Last month, after FCC Chair Tom Wheeler called on the telecom industry to finally do something about the nuisance of pre-recorded, auto-dialed robocalls, AT&T CEO Randall Stephenson agreed to head up a joint private-public Robocall Strike Force tasked with actually doing something about these calls. Today, this elite squad of telephonic titans is meeting for the first time.
The Strike Force has been given a deadline of 60 days (Oct. 19) to lay down a clearer path toward a world with fewer automated calls that aren’t just obnoxious, but are often illegal.
“Americans are fed up,” began Wheeler. “Robocalls are a scourge. It’s the number one complaint that we hear from consumers on a daily basis,” with more than 200,000 gripes being filed with the FCC each year — and that’s just from the very small number of people who take the time to file a complaint.
“Americans have a right to be fed up,” continued the Chair. “It’s an invasion of privacy, rife with fraud and identity theft… The bad guys are beating the good guys with technology.”
While phone companies could undoubtedly do more to block robocalls or give their customers more tools for eliminating these calls, Wheeler is quick to point out that this is a “community problem” affecting the entire telecom and broadband industries.
Online phone services don’t just allow for robocall scammers to blast out a seemingly endless barrage of prerecorded calls, they allow the scammers to cheaply place these calls from foreign countries.
These robocallers, explained Wheeler, rely on the fact that existing phone networks “aren’t ready to deal with them… The profit motive has driven bad guys to a level of technological innovation that exploits consumers by exploiting networks and equipment.”
This is why the Strike Force, which will meet at least twice a week for the next two months, includes representatives from phone service and broadband providers (AT&T, Sprint, Verizon), manufacturers (Apple, Nokia, Samsung), and network bandwidth providers like Level 3 Communications.
“This has to be multi-carrier, cross-carrier, and a community solution,” urged Wheeler.
Stephenson, whose record on robocalls is far from perfect, concurred.
“This gonna require more than individual company initiatives,” acknowledged the CEO. “And it’s going to have to go beyond one-off blocking applications to address this issue.”
He admitted that the industry has thus far taken a “piecemeal” approach to robocalls and “we’ve have very limited success.”
Part of the problem, cautioned Stephenson, is that while everyone hates robocalls, not all of them are against the law.
“We have calls that are perfectly legal that are not wanted, like telemarketers and public opinion surveys,” he explained before jumping to the other end of the spectrum where you have “millions of calls that are patently illegal, and they’re violating the Do Not Call registry, or worse they’re trying to steal identities or money… shutting down the bad guys is a very important step.”
By the end of the 60 days, the Strike Force should have achieved a number of goals, including some sort of solution on call-authentication standards for VoIP (cable) phone calls, meaning the carrier will have a reasonable degree of certainty that it knows where the call is coming from and going to.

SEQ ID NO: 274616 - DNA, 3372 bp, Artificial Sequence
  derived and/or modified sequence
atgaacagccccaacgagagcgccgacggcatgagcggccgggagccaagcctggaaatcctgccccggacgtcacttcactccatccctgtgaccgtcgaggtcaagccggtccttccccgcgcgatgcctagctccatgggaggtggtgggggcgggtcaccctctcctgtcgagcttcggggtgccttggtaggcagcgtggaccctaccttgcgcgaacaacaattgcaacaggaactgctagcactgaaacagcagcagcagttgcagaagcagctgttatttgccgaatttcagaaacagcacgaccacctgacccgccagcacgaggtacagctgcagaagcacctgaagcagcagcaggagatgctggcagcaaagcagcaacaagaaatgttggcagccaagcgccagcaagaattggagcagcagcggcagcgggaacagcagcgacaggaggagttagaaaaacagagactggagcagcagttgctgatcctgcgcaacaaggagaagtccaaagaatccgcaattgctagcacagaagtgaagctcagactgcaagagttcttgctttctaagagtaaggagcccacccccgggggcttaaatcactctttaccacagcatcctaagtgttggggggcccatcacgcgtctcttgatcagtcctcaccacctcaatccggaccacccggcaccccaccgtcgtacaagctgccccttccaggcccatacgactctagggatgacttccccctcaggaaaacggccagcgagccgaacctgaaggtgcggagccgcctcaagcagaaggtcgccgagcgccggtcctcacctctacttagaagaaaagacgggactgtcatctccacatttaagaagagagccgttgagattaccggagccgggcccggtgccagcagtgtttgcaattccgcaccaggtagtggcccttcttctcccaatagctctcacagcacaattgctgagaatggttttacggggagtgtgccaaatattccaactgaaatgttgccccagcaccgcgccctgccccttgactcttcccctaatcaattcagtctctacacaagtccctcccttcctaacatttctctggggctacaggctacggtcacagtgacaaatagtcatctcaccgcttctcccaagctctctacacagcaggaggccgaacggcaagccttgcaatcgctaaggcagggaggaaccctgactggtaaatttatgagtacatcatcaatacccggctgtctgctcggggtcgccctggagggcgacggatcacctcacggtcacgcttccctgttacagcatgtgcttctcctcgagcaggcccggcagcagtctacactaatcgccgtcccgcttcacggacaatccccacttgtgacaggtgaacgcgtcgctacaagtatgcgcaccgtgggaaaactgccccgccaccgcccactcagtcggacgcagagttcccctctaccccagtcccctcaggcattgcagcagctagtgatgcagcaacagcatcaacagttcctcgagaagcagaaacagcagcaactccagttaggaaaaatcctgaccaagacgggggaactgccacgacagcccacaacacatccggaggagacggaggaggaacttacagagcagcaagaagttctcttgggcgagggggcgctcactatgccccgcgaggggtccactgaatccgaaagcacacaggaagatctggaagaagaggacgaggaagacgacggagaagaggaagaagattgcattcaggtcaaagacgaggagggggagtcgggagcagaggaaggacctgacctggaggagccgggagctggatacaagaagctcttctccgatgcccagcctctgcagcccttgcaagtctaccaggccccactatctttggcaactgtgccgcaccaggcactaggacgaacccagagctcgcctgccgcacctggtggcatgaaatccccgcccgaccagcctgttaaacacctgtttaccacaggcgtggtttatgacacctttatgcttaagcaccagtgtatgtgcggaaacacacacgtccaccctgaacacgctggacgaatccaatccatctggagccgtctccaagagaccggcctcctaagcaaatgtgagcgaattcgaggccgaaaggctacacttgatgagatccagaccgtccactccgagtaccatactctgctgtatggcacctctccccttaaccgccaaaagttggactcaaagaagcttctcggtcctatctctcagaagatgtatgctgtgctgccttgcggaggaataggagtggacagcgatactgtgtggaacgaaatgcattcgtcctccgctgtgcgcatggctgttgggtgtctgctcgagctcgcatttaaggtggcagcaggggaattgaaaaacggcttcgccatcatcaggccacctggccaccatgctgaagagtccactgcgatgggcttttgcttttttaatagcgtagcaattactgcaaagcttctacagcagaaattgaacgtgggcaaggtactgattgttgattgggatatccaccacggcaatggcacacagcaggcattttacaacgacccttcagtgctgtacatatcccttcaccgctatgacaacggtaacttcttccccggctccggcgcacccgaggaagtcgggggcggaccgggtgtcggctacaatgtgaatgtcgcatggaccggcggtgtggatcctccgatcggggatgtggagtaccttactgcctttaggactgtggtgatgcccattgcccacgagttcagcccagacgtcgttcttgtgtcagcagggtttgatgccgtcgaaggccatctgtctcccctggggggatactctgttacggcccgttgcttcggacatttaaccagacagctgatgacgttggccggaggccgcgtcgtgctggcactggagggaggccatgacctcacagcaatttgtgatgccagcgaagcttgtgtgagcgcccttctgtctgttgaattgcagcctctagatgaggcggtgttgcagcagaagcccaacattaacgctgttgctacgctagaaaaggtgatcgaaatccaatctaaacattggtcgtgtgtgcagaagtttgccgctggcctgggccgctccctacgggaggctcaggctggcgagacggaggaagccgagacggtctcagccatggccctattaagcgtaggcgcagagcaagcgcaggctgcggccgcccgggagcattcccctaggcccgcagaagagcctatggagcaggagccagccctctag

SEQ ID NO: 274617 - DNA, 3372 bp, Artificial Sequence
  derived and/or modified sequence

The Strike Force must also discuss solutions for expediting the deployment of third-party call filters that can be used either by consumers or by the phone companies. “Let’s give folks the opportunity to get creative” about blocking robocalls, said Wheeler.
The FCC also expects the Strike Force to develop cross-carrier solutions, like a “Do No Originate” list that would identify likely sources of repeat robocalls and block those calls before they ever get to the customer.
Finally, the Strike Force needs to tell the FCC what the Commission needs to do to help industry achieve these goals.
What Wheeler doesn’t want is for the industry to be paralyzed by the possibility that it won’t reach a perfect solution right away.
“The nature of software is start and continually improve,” he explained. “Let’s not sit around and wait for the ultimate solution. Let’s start solving the issues immediately, and let’s improve it tomorrow, and make it even better the day after tomorrow.”
Tim Marvin, our colleague at Consumers Union who heads up the End Robocalls campaign called the plan unveiled at today’s meeting an important initial victory for consumers and an indicator that the industry is taking serious steps to address the issue.
“Consumers are sick and tired of robocalls and have made it clear that they expect the phone companies to take action,” said Marvin. “We’ll be monitoring the work of the Strike Force closely in the next 60 days to make sure they deliver on these promises.”
However, Marvin noted that AT&T’s Stephenson did not directly address Wheeler’s previously raised concerns about the need for solutions for traditional landlines, and the need for fast publication of applicable standards.
“It’s critical that the Strike Force’s solutions address the needs of the most vulnerable consumers who still use landlines,” he explains, “and that the move forward towards standards be on the same timeline as the report. Adoption of standards should not and cannot be a waiting game.”
Editor's Note: This article originally appeared on Consumerist.